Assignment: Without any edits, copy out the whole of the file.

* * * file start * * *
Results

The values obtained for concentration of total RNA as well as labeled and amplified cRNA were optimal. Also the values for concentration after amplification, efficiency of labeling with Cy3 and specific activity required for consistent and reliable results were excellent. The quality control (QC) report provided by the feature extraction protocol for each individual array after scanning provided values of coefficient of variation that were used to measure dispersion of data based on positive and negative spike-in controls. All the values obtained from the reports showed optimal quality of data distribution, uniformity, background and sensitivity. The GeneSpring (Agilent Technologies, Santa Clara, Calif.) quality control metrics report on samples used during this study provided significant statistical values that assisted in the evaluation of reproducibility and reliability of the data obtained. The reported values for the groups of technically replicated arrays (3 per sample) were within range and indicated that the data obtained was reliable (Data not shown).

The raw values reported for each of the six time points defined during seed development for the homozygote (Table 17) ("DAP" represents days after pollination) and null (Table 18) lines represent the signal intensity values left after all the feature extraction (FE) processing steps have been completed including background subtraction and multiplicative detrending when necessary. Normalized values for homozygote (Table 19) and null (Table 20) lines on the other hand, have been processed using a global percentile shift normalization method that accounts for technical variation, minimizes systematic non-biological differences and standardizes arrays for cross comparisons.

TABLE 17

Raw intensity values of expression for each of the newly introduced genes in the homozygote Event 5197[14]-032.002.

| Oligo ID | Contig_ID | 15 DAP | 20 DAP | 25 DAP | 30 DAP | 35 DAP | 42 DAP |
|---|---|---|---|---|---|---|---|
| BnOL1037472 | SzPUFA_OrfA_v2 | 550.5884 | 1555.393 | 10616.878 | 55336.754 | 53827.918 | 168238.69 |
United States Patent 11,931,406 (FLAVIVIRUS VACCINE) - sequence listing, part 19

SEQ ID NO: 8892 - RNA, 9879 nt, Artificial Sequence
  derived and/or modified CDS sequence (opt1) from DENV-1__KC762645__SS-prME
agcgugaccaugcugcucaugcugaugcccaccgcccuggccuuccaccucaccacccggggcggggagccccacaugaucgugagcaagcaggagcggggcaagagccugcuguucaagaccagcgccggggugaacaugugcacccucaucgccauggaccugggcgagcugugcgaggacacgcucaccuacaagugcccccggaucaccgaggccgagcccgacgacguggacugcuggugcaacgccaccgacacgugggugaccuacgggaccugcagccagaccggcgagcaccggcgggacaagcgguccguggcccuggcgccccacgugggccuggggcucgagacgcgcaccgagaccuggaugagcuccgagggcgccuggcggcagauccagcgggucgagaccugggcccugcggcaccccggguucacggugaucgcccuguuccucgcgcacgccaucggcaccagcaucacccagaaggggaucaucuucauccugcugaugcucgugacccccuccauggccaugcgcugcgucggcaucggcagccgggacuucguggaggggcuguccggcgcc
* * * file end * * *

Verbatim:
Results

The values obtained for concentration of total RNA as well as labeled and amplified cRNA were optimal. Also the values for concentration after amplification, efficiency of labeling with Cy3 and specific activity required for consistent and reliable results were excellent. The quality control (QC) report provided by the feature extraction protocol for each individual array after scanning provided values of coefficient of variation that were used to measure dispersion of data based on positive and negative spike-in controls. All the values obtained from the reports showed optimal quality of data distribution, uniformity, background and sensitivity. The GeneSpring (Agilent Technologies, Santa Clara, Calif.) quality control metrics report on samples used during this study provided significant statistical values that assisted in the evaluation of reproducibility and reliability of the data obtained. The reported values for the groups of technically replicated arrays (3 per sample) were within range and indicated that the data obtained was reliable (Data not shown).

The raw values reported for each of the six time points defined during seed development for the homozygote (Table 17) ("DAP" represents days after pollination) and null (Table 18) lines represent the signal intensity values left after all the feature extraction (FE) processing steps have been completed including background subtraction and multiplicative detrending when necessary. Normalized values for homozygote (Table 19) and null (Table 20) lines on the other hand, have been processed using a global percentile shift normalization method that accounts for technical variation, minimizes systematic non-biological differences and standardizes arrays for cross comparisons.

TABLE 17

Raw intensity values of expression for each of the newly introduced genes in the homozygote Event 5197[14]-032.002.

| Oligo ID | Contig_ID | 15 DAP | 20 DAP | 25 DAP | 30 DAP | 35 DAP | 42 DAP |
|---|---|---|---|---|---|---|---|
| BnOL1037472 | SzPUFA_OrfA_v2 | 550.5884 | 1555.393 | 10616.878 | 55336.754 | 53827.918 | 168238.69 |
United States Patent 11,931,406 (FLAVIVIRUS VACCINE) - sequence listing, part 19

SEQ ID NO: 8892 - RNA, 9879 nt, Artificial Sequence
  derived and/or modified CDS sequence (opt1) from DENV-1__KC762645__SS-prME
agcgugaccaugcugcucaugcugaugcccaccgcccuggccuuccaccucaccacccggggcggggagccccacaugaucgugagcaagcaggagcggggcaagagccugcuguucaagaccagcgccggggugaacaugugcacccucaucgccauggaccugggcgagcugugcgaggacacgcucaccuacaagugcccccggaucaccgaggccgagcccgacgacguggacugcuggugcaacgccaccgacacgugggugaccuacgggaccugcagccagaccggcgagcaccggcgggacaagcgguccguggcccuggcgccccacgugggccuggggcucgagacgcgcaccgagaccuggaugagcuccgagggcgccuggcggcagauccagcgggucgagaccugggcccugcggcaccccggguucacggugaucgcccuguuccucgcgcacgccaucggcaccagcaucacccagaaggggaucaucuucauccugcugaugcucgugacccccuccauggccaugcgcugcgucggcaucggcagccgggacuucguggaggggcuguccggcgcc